Thoroughbred Racing Fan Association, Inc.




 Does Mike Repole Have It Right?

Even Mike Repole, who spent $14 million at a recent sale on horses, thinks racing is on hospice. From many ThoroFan Thoughts Articles we agree with him from the fan perspectives. He points his scalpel at the racetrack as the diagnosed disease with specific reference to Churchill Downs. He recalls when he took a horse to Churchill for Derby day and bringing along a herd of friends. He had to purchase seats in the Mansion for all his guests. The cost was astronomical. He likens it to bringing a horse to the Derby and finishing second just to pay the expenses for the trip. He feels tracks are dising owners.

Fans share his feelings. With seats in the clubhouse at Saratoga costing between $25-to-$100 plus admission and draft beers over $15 how can a fan sustain more than one or two days at the track during the meet? Unless they want to sit in the backyard, euphemistically called the picnic area, watching the races on dated television screens the track experience is not affordable for the average fan.

Betting is a challenge with the blended takeout on every winning bet hovering around 20%. With sports betting and casinos knocking at racing’s door like it’s Halloween the future isn’t bright. On this point we can agree with Mike Repole.

Mike thinks racing would be run much better by owners and trainers who likely will put the betterment of the sport above the business of the sport. Not sure of that point. Owners and trainers are in the business of racing. Mike likens his idea to the way other major sports are run. The owners own the team and establish collective rules for playing which they all must follow. The track management operates the stadiums and sells the seats and the refreshments and profits from wagering. Mike thinks this model will work for racing if owners have control.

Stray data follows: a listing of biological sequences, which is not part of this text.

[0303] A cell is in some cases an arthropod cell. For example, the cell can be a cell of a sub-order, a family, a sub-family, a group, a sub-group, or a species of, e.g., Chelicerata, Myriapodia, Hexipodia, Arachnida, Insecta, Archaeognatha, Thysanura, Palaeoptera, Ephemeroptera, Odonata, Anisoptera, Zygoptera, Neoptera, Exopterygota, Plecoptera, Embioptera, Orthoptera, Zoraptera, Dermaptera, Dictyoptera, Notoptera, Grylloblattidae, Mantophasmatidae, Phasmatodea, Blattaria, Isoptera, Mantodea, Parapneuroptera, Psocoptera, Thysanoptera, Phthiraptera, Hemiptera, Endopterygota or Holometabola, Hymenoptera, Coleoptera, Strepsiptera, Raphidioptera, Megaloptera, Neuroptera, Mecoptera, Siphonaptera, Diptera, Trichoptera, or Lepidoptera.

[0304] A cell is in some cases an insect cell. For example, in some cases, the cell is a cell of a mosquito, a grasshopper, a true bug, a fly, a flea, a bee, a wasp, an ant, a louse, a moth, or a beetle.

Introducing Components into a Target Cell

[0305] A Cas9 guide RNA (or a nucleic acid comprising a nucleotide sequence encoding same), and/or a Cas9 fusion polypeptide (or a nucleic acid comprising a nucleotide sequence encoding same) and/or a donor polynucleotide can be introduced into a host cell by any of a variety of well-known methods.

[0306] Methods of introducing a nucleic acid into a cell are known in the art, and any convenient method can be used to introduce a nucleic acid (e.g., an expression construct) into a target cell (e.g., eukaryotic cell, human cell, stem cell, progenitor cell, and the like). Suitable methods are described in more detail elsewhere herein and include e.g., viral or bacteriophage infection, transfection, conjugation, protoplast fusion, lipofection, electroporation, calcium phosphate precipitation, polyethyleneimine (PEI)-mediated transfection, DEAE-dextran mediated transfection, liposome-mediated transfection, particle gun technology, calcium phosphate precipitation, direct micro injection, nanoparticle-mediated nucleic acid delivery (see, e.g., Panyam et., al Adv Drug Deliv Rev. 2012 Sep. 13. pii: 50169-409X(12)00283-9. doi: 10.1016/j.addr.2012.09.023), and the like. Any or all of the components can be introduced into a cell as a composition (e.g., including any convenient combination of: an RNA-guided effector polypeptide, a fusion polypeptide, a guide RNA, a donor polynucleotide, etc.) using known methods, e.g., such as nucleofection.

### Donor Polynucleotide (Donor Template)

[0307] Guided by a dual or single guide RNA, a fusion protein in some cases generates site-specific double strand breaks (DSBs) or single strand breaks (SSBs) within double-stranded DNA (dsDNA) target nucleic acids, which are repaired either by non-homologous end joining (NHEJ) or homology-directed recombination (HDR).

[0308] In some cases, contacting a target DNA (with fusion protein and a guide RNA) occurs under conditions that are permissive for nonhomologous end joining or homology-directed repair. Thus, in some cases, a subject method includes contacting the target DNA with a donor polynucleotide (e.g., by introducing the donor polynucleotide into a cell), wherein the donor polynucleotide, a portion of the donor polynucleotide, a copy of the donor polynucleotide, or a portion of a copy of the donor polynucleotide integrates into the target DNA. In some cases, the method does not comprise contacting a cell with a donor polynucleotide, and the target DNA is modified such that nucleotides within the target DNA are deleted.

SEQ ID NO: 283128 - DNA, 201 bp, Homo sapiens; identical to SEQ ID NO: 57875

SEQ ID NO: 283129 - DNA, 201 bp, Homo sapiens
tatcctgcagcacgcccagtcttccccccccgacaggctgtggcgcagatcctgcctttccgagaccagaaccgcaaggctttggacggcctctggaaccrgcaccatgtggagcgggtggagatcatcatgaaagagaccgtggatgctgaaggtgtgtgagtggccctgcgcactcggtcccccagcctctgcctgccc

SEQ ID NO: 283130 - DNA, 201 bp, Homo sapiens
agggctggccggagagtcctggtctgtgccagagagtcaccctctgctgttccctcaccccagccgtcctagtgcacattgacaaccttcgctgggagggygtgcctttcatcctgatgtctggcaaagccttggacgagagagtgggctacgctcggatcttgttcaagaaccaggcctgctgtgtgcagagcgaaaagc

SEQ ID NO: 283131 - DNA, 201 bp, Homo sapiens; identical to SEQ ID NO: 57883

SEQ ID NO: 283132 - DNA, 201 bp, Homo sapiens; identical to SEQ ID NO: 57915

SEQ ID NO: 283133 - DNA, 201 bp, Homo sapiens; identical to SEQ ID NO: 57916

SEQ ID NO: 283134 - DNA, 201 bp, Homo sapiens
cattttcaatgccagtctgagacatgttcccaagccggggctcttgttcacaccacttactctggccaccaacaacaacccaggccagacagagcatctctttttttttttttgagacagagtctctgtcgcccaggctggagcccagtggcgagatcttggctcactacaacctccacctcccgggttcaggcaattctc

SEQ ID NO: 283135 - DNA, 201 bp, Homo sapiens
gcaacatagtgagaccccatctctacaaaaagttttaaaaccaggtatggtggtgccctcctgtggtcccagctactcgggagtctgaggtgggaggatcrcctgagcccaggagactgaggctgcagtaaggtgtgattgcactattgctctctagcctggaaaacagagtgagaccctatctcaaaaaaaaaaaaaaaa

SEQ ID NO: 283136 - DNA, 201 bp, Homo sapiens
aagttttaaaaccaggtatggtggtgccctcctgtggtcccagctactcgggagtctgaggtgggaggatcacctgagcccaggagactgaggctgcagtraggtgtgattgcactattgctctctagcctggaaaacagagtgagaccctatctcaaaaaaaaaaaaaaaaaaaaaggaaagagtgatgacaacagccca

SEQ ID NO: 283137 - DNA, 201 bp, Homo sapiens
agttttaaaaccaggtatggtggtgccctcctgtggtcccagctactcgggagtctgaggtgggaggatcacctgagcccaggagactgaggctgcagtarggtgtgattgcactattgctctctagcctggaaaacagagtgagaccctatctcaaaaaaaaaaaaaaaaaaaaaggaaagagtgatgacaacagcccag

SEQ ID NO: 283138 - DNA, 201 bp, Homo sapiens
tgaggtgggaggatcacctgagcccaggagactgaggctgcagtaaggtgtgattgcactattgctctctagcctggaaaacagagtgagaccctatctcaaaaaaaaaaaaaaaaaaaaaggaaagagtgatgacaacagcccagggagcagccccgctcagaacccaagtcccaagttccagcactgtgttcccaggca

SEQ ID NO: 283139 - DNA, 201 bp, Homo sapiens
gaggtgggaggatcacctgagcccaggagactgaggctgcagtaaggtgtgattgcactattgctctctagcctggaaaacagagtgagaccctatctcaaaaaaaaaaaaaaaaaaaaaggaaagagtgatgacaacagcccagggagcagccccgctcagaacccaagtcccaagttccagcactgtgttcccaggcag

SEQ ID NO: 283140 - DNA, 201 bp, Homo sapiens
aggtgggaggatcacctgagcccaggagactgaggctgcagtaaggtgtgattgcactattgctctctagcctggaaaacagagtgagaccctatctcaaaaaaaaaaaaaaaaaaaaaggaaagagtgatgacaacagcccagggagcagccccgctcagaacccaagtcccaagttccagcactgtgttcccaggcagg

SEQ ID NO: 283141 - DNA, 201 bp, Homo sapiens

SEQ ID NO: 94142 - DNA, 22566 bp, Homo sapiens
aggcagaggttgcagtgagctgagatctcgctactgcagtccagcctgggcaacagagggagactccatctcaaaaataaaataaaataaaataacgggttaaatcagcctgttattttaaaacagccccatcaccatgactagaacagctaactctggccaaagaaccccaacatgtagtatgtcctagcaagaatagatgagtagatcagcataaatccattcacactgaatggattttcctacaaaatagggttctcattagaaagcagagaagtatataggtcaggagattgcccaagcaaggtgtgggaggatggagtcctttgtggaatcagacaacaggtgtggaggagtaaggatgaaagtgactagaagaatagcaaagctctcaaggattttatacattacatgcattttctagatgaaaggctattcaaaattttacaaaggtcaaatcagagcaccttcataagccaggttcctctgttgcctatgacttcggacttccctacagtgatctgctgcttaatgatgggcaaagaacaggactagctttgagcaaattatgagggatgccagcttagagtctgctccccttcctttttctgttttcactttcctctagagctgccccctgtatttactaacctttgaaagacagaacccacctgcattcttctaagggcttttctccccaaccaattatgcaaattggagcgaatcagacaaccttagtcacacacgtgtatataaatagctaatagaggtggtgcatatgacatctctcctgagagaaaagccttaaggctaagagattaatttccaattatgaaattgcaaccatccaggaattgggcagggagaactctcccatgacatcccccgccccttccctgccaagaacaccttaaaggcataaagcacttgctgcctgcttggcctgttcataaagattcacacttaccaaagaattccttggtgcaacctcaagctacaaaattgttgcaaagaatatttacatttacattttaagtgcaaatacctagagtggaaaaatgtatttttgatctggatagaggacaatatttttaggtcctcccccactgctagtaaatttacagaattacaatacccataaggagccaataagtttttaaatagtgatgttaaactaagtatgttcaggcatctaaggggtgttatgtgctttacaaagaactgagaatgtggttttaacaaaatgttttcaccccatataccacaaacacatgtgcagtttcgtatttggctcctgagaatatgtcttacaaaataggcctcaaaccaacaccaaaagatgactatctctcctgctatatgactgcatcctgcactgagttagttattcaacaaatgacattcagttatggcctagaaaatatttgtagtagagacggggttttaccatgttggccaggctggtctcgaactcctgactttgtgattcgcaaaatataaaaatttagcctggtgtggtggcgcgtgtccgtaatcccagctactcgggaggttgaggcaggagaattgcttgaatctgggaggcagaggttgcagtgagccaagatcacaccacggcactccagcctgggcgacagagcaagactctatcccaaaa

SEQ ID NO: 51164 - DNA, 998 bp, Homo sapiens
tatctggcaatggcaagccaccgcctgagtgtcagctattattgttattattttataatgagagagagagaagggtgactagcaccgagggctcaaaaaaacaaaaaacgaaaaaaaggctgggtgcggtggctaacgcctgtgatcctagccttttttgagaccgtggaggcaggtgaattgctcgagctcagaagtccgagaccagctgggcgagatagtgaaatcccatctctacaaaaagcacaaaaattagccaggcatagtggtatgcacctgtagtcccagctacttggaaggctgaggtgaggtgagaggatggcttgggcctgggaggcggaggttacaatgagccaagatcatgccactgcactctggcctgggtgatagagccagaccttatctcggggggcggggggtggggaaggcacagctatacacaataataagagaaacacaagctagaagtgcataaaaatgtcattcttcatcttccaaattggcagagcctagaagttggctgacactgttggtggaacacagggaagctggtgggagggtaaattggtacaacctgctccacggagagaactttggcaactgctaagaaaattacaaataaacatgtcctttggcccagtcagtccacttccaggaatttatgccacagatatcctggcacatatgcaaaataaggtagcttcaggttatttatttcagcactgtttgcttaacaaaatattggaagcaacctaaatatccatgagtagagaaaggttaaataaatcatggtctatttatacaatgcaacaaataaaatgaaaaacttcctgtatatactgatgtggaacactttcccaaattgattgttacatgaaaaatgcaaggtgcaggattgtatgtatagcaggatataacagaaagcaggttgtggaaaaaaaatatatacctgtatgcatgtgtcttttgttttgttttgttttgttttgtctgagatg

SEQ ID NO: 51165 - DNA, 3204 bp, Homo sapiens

The problem with the current model and Repole’s redo is the lack of a defined role for fans. The assumption that fans will come, pay for admission and seats, pay high prices for refreshments and bet is a logical stretch for anyone looking at the long game. Time is running out on this approach. Fans are more than just customers; they are a critical mass of cheerleaders for the sport.

The problem with Repole’s model is the legal history that favors tracks and racing associations. The 1978 Interstate Horseracing Act allows tracks to take wagers across state lines with certain restrictions. One is that a majority of horsemen must sign on to an agreement specifying their role. i.e., purse structure, purse size, etc. This may be a heavy lift for Repole’s group of owners and trainers to attain.

Although Mike Repole’s frustration with the current operation of racing must be applauded, his quick fix may be more fantasy than reality. Yet the role of all stakeholders in the sport collaboratively participating in the restructuring of the sport may be more successful. We have learned from the way racing evolved from a “blue-blood-only club to a business that went off the track that a single stakeholder strategy won’t work. In recent years tracks haven’t been much more successful. Fans have opinions but lack the necessary comprehensive experience to run racing, no matter what some say or think.

The answer must be a comprehensive look by all stakeholders at the root causes of racing’s current problems. The answer is not making deals with racing competitors who are only interested in cannibalizing our dwindling revenue streams. With all problems thoroughly defined, as Einstein reminds us, the solutions will become obvious. Then and only then can a rational restructuring of racing lead to helping our sport survive and prosper for another 200 years or more. Quick fixes derived from personal opinions won’t work even for Mike Repole with all his wealth.


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